CHICAGO — The Chicago Park District's tight governance link to the Chicago city government is taking a toll on its credit rating.
Moody's Investors Service cited those ties, despite an otherwise sound fiscal position, as the reason for downgrading the district to Baa1 from A3 late Thursday.
The outlook remains negative. The park district downgrade followed Moody's downgrade last week of Chicago's rating over its growing unfunded pension obligations.
The park district action impacts $616 million of general obligation bonds, including $333 million of unlimited tax debt and $283 million of limited tax paper. All but $40 million of the district's debt is in a fixed-rate structure so the downgrade doesn't raise any potential swap termination problems as the city downgrade to Baa2 did.
The park district won a legislative overhaul of its pension system last year that so far has escaped a legal challenge; it also carries strong reserve levels, and its financials are sound thanks to rising fees. Those factors couldn't stave off the downgrade.
"We expect that the district's financial operations will likely remain sound in the near term, but the city of Chicago's formidable budgetary challenges will pose an increasing risk to the district's financial position in coming years," Moody's wrote.
"Given the city's extreme budget pressures, we believe CPD's financial operations and position could be indirectly affected through city officials' influence on policy making and budgeting," Moody's wrote.
Previous downgrades of the city's bonds have triggered similar action on the park district and Chicago Board of Education's ratings due to governance links and their shared tax base. Reliance on an overlapping tax base to fund operations and growing pension burdens were also cited as a factor in past downgrades of Cook County and the Metropolitan Water Reclamation District of Chicago.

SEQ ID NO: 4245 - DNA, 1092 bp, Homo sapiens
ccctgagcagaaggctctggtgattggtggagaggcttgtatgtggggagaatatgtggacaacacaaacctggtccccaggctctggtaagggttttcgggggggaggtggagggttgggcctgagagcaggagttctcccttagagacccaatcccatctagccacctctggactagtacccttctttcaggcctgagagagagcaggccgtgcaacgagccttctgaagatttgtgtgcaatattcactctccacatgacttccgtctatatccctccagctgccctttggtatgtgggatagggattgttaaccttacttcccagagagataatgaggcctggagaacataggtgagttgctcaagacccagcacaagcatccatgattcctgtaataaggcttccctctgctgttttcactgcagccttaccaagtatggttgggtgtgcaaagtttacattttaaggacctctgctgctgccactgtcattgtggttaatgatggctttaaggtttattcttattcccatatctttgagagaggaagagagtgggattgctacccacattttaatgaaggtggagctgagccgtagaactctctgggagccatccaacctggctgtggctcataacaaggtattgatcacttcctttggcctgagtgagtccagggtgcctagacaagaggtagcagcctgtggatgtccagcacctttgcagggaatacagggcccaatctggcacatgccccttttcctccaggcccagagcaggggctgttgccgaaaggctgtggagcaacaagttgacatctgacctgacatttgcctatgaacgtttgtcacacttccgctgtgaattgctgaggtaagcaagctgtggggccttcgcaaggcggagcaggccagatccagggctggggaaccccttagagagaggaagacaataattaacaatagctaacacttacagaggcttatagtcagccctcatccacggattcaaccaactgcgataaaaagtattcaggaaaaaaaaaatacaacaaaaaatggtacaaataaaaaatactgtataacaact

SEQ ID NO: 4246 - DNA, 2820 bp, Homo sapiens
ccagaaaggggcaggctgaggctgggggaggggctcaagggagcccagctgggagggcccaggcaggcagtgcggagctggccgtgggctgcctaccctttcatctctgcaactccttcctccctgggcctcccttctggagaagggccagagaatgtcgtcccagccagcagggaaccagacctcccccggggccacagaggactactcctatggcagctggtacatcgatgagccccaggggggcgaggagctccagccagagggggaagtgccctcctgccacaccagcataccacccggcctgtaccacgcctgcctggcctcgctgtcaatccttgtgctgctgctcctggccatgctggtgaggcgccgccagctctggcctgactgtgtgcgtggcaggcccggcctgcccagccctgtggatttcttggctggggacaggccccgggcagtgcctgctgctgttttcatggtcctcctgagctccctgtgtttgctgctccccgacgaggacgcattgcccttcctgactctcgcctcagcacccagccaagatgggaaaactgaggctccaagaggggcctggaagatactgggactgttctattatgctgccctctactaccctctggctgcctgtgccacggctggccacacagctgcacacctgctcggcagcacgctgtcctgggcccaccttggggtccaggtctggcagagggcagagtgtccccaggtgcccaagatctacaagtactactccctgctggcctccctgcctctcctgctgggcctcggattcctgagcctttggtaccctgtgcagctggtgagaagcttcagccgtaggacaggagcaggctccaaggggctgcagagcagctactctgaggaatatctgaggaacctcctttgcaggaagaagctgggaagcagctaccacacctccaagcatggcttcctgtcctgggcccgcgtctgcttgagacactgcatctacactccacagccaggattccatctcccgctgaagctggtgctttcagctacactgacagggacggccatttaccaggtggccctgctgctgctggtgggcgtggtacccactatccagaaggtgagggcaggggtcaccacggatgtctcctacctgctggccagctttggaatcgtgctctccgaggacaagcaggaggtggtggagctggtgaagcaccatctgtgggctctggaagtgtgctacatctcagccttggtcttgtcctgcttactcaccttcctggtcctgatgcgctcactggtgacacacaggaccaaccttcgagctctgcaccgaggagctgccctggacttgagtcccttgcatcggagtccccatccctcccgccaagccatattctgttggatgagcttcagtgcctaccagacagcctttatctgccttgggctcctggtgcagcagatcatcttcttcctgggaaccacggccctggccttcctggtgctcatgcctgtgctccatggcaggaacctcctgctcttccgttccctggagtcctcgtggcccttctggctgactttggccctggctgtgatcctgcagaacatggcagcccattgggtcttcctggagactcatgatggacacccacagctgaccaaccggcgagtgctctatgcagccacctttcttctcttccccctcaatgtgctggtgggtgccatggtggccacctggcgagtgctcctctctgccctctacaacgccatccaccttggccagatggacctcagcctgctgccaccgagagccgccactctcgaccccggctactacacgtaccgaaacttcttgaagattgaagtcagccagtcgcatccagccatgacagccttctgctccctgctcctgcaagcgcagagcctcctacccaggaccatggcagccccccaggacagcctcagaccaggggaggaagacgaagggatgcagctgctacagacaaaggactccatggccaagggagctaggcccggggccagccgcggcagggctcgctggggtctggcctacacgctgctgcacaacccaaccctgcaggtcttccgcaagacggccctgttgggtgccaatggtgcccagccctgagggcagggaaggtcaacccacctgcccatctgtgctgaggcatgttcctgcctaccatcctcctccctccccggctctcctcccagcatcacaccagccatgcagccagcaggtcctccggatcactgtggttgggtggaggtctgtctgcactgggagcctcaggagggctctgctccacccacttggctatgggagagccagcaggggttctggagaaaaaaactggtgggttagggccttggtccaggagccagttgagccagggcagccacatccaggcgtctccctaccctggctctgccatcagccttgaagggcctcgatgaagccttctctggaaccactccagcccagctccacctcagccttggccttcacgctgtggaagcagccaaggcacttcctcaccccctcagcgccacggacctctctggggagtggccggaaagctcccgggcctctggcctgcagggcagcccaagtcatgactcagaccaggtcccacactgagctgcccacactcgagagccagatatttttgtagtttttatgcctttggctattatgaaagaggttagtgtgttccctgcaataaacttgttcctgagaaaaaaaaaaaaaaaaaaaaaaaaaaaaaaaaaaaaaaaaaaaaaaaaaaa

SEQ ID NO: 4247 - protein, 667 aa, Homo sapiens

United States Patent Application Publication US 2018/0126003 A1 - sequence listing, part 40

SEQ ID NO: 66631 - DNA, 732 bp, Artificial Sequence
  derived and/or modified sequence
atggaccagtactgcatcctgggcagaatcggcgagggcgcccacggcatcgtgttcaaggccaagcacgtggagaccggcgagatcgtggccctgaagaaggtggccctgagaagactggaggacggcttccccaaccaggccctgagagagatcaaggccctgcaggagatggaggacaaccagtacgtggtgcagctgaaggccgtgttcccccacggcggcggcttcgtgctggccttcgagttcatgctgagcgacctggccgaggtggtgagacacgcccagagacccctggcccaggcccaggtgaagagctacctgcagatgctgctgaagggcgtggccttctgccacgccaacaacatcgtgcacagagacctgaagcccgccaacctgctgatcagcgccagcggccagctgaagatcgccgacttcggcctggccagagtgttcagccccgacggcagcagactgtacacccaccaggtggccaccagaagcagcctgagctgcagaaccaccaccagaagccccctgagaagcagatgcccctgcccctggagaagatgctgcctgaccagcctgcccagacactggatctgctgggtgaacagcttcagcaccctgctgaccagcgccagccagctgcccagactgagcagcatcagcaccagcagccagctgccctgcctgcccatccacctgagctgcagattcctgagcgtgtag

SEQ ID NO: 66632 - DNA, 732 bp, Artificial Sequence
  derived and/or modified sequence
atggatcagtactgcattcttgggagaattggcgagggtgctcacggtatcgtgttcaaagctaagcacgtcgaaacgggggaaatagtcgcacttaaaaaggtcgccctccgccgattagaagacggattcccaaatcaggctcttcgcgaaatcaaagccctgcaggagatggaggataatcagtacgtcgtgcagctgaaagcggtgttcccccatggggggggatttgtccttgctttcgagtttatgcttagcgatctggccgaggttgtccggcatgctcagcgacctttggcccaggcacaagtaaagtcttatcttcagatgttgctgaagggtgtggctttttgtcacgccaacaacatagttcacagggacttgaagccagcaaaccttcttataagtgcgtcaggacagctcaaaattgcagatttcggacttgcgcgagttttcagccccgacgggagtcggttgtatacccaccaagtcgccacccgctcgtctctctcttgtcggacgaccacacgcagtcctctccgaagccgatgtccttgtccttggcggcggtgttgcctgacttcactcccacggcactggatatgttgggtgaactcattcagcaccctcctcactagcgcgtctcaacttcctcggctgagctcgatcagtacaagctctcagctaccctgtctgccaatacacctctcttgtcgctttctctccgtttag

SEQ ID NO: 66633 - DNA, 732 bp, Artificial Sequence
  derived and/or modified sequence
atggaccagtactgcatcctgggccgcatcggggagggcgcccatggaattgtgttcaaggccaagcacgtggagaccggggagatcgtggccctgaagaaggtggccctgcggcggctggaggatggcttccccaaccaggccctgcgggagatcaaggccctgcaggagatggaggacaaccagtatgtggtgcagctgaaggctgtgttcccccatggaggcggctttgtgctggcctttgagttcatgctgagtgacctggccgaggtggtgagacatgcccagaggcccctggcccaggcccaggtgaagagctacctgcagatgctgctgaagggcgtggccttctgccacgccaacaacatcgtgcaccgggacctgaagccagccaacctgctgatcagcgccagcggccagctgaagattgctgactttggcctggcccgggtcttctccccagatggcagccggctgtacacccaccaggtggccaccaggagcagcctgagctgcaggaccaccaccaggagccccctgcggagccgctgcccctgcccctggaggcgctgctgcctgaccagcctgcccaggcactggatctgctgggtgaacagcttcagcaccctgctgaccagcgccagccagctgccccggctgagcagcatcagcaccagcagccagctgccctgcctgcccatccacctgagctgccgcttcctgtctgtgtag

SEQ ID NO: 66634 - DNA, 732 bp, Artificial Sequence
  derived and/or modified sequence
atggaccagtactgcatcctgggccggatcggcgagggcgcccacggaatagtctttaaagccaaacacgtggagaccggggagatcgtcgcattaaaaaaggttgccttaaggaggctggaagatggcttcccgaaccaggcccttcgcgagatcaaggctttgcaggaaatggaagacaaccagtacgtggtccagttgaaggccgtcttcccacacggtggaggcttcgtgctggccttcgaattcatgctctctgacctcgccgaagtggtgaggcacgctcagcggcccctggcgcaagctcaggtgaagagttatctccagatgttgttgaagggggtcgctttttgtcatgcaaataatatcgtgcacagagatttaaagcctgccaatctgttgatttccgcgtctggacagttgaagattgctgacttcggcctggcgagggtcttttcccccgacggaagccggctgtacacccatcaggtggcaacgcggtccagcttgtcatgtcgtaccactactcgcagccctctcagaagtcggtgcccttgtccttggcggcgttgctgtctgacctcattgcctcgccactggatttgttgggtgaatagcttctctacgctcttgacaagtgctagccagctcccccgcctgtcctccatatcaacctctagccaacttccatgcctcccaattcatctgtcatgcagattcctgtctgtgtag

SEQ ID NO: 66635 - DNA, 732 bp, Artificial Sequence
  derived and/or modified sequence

Like Chicago, the park district voiced disappointment over the downgrade and sought to highlight the differential in its credit compared to other rating agencies. It carries low to high double-A level ratings from Fitch Ratings, Kroll Bond Ratings Agency, and Standard & Poor's.
"The action makes it clear that Moody's does not understand that the Chicago Park District is an entirely separate government under state law, and has been for over 80 years," the district's administration said in a statement.
"Moody's also either misunderstands or lacks clarity of the strong legal protections in place for the Park District's bond holders under related bond ordinances as well as a dedicated stream of revenues and separate levies that are in place to fund 100 % of the debt service," the statement said.
Chicago Mayor Rahm Emanuel holds sway over sister agencies like the park district and school board through his power to appoint board members, and the mayor handpicks the top administrator. While all hold their own bonding and taxing powers and their debt is legally separate, it's widely known city hall holds sway over major policy decisions like raising tax levies.
Moody's warned that factors which could potentially trigger a further slide include deterioration in Chicago's credit profile "that leads to declines in CPD's credit quality given the two entities' governance ties and coterminous tax base" or a substantial reduction in its reserves or liquidity.
The district closed out 2013 with a $185 million operating fund balance, 54% of revenues, with about $96 million is allocated to working capital and $25 million to help cover liabilities. Under its pension reforms, the district owes supplemental contributions of $12.5 million in 2015 and $12.5 million in 2016 to be funded with reserves, while a $50 million payment owed in 2019 is expected to be covered with reserves and pension obligation borrowing.
The Chicago Park District's unfunded obligations grew in the last year to $484 million for a funded ratio of 45.5%, from $426 million and a funded ratio of 51% the previous year. The funded ratios are slated to slowly improve through 2046 when a funded ratio of more than 90% is projected under reforms approved by state lawmakers that took effect Jan. 1.
Moody's warned that while the changes help stabilize the pensions, some risk remains as future annual contributions remain tied to a percentage of employee contributions, although at a higher multiplier rate, and not a formula based on actuarial assumptions.
Moody's decision to downgrade the park district in the wake of the city downgrade raises the specter of a possible school board downgrade.
The rating agency last August affirmed the school board's Baa1 rating and negative outlook assigned to $6.3 billion of GOs but warned that a downgrade could come should the school system fail to structurally balance its operations, if it sees declines in reserves or liquidity or further state aid delays, or its unfunded liabilities grow.
Also, a downgrade could follow a decline in the city's credit profile that "leads to declines in CPS's credit quality given the two entities' close governance ties and coterminous tax base."